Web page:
Rohan Cleave (text), Coral Tulloch (illus), Phasmid: saving the Lord Howe Island Stick Insect, CSIRO Publishing, Sept 2015, 32pp., $24.95 (hbk), ISBN 9781486301126
This picture book tells the story of the Lord Howe Island phasmid (stick insect) in three parts. The first is from the view of the endangered phasmid who were decimated when rats from a shipwreck washed ashore and ate them. A few escaped to Balls Pyramid, a rock island sticking out of the sea a short distance away, and were discovered alive in 2001 by enthusiastic entomologists. The second part is a repeat of the information in third person and in more detail, with scientists named and the passion for their expedition oozing from the page. The third section is a fact file on Dryococelus australis and there’s a glossary to finish.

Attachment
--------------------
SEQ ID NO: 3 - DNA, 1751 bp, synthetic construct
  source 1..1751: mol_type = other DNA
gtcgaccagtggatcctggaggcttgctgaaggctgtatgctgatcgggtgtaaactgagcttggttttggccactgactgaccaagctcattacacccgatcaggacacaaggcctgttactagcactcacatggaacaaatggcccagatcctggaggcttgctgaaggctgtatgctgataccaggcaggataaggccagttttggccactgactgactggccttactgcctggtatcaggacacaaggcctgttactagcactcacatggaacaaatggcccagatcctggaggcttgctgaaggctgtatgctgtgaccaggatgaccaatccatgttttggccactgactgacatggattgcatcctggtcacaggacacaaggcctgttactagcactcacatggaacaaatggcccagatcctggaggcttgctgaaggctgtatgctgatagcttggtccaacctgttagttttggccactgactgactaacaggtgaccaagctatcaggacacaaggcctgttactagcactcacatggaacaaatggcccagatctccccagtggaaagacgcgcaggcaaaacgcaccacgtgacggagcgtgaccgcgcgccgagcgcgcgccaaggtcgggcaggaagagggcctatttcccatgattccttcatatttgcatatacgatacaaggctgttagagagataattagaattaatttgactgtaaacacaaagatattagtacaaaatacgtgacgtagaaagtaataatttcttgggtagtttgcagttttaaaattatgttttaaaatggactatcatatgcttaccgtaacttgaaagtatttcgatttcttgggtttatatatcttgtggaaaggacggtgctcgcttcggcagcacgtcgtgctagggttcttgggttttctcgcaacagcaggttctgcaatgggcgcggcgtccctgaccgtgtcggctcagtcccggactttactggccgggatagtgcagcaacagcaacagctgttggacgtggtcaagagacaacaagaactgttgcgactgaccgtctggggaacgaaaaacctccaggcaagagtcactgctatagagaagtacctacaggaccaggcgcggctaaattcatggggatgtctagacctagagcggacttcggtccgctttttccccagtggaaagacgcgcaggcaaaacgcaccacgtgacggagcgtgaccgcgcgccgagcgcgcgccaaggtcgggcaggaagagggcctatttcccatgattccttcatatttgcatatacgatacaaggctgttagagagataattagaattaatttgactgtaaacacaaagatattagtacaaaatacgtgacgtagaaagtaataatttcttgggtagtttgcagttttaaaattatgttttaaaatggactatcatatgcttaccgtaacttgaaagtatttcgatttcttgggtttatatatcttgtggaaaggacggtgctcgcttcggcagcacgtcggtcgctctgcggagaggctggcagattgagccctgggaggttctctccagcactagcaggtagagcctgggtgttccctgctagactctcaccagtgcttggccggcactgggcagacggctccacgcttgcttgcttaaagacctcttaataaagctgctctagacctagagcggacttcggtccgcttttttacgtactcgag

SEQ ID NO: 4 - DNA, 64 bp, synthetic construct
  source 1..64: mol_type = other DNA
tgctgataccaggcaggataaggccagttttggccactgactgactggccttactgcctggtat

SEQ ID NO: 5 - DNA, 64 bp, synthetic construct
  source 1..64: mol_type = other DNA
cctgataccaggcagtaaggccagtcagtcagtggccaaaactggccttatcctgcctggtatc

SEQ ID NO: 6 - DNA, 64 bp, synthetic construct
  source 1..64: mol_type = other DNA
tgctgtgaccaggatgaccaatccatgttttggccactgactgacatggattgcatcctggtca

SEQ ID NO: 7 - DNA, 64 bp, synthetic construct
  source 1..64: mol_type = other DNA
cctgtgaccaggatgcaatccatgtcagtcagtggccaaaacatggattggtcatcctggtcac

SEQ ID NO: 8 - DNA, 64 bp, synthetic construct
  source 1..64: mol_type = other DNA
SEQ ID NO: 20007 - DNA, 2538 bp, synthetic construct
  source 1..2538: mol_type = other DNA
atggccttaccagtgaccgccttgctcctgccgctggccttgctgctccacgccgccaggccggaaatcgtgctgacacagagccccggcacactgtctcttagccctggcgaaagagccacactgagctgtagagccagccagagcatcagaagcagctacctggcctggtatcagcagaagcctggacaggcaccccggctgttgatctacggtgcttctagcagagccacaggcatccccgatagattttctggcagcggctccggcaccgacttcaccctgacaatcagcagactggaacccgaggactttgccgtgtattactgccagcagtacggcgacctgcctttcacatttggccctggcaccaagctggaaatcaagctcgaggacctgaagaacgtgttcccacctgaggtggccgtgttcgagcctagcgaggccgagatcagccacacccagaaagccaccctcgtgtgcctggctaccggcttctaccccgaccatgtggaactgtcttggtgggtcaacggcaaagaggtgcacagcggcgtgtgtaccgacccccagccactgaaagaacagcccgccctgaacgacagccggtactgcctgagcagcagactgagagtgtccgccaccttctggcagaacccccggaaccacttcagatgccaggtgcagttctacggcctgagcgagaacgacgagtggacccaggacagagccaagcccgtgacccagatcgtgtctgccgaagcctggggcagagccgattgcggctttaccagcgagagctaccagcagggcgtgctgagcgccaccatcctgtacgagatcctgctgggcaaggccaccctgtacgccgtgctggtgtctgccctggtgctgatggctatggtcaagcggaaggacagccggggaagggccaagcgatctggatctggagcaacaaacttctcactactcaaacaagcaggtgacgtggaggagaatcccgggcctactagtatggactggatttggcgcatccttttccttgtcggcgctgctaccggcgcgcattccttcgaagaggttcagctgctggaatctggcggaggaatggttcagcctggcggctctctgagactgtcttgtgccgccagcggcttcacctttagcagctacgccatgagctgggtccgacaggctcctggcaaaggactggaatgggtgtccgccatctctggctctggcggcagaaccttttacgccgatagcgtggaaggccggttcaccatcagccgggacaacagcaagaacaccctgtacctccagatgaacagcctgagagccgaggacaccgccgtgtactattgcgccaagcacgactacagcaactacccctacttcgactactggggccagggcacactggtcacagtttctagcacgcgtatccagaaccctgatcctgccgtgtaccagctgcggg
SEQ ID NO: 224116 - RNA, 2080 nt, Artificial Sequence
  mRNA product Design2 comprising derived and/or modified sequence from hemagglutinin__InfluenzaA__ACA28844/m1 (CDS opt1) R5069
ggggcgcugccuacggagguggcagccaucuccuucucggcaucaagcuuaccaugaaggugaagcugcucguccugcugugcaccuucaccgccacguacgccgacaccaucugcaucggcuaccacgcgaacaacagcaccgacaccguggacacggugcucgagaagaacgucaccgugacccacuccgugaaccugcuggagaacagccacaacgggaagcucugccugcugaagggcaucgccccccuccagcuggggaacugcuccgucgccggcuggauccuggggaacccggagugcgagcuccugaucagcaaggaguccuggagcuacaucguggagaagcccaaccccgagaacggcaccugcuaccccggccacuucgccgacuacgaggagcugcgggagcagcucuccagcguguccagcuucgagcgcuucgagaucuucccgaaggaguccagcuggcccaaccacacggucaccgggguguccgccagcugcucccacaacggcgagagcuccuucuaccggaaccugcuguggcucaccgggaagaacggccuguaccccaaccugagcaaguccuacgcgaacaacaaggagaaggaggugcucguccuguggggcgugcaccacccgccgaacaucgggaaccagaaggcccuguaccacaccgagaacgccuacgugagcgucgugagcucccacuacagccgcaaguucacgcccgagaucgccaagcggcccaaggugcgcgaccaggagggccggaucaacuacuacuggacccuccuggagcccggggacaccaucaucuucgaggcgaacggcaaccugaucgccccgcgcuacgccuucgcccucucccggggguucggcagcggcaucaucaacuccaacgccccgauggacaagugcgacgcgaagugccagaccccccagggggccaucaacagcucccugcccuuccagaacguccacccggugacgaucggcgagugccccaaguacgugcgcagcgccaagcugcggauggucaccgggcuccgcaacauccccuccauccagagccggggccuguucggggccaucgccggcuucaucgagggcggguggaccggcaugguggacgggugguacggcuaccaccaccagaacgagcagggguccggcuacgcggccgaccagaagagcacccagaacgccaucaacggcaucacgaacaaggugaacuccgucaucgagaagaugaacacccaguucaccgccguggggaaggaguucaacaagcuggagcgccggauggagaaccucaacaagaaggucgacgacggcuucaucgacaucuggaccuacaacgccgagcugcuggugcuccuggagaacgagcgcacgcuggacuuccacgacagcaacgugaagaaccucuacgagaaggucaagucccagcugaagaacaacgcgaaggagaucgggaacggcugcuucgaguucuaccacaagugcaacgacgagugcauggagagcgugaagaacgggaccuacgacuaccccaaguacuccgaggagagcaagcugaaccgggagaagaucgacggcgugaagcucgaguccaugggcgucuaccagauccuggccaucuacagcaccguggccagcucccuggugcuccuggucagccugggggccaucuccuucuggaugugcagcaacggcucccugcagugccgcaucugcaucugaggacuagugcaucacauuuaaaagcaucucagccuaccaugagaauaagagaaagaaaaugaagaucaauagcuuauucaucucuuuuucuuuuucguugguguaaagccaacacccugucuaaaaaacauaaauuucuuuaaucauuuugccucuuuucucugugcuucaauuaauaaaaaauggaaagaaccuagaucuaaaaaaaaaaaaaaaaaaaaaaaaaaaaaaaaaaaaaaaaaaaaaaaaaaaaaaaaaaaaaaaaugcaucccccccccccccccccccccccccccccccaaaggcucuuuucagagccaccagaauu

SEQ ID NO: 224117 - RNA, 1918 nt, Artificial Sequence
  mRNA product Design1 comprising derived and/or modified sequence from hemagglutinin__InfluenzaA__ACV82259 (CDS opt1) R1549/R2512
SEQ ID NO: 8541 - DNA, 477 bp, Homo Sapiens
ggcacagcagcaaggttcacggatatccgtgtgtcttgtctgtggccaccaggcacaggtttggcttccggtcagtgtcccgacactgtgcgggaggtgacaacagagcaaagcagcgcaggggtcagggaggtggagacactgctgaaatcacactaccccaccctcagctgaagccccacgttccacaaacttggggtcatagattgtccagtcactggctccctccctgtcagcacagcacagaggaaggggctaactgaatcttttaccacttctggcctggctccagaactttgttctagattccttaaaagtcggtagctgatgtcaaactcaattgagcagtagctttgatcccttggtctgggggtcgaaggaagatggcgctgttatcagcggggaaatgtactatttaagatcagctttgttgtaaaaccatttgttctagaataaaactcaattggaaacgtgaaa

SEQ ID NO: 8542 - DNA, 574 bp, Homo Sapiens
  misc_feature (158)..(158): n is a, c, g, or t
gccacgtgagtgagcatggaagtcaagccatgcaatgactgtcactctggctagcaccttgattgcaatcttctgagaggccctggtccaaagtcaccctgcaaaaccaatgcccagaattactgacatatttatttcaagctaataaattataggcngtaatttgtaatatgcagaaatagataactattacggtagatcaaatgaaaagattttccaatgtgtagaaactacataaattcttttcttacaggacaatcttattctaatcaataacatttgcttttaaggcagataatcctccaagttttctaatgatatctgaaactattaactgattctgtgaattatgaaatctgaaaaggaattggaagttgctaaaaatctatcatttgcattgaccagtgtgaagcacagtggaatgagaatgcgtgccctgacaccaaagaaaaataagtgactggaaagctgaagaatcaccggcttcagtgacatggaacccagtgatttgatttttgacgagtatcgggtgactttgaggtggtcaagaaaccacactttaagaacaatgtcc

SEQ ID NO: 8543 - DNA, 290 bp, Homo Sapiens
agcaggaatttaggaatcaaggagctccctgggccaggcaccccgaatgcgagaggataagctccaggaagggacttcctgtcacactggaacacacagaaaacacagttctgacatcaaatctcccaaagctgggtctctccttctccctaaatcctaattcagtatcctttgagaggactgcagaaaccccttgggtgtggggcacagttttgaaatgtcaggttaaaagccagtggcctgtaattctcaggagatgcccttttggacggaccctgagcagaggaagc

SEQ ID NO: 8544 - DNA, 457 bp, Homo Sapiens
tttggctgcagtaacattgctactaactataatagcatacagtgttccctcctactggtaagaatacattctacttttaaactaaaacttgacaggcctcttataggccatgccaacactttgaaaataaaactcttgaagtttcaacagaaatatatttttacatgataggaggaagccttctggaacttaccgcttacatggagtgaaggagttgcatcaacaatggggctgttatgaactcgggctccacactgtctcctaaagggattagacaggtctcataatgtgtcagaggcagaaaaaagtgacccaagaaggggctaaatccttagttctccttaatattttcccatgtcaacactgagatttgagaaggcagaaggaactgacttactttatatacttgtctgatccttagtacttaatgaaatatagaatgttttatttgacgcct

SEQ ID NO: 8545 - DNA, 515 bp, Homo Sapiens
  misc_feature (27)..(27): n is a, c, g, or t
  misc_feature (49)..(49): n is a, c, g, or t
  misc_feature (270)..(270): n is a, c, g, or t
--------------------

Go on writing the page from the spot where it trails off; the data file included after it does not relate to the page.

It’s hard not to be fascinated by the tale of this interesting insect and a lot could be made of its life cycle and ‘Lazurus’ state in an educational setting. There’s reference to the Melbourne Zoo’s phasmid display, including details of a video Rohan Cleave (the phasmid zoo keeper and author of the book) made of a phasmid hatching. Watch it – it’s already had over two million hits – and you’ll be riveted, asking questions like ‘how did it fit in there?’ and ‘is it going to make it?’. The illustrations in the book match the alien-like birth completely. Good on the CSIRO for sharing their passion with readers and I hope we see more children’s books as part of their publishing programme.
Reviewed by Pam Harvey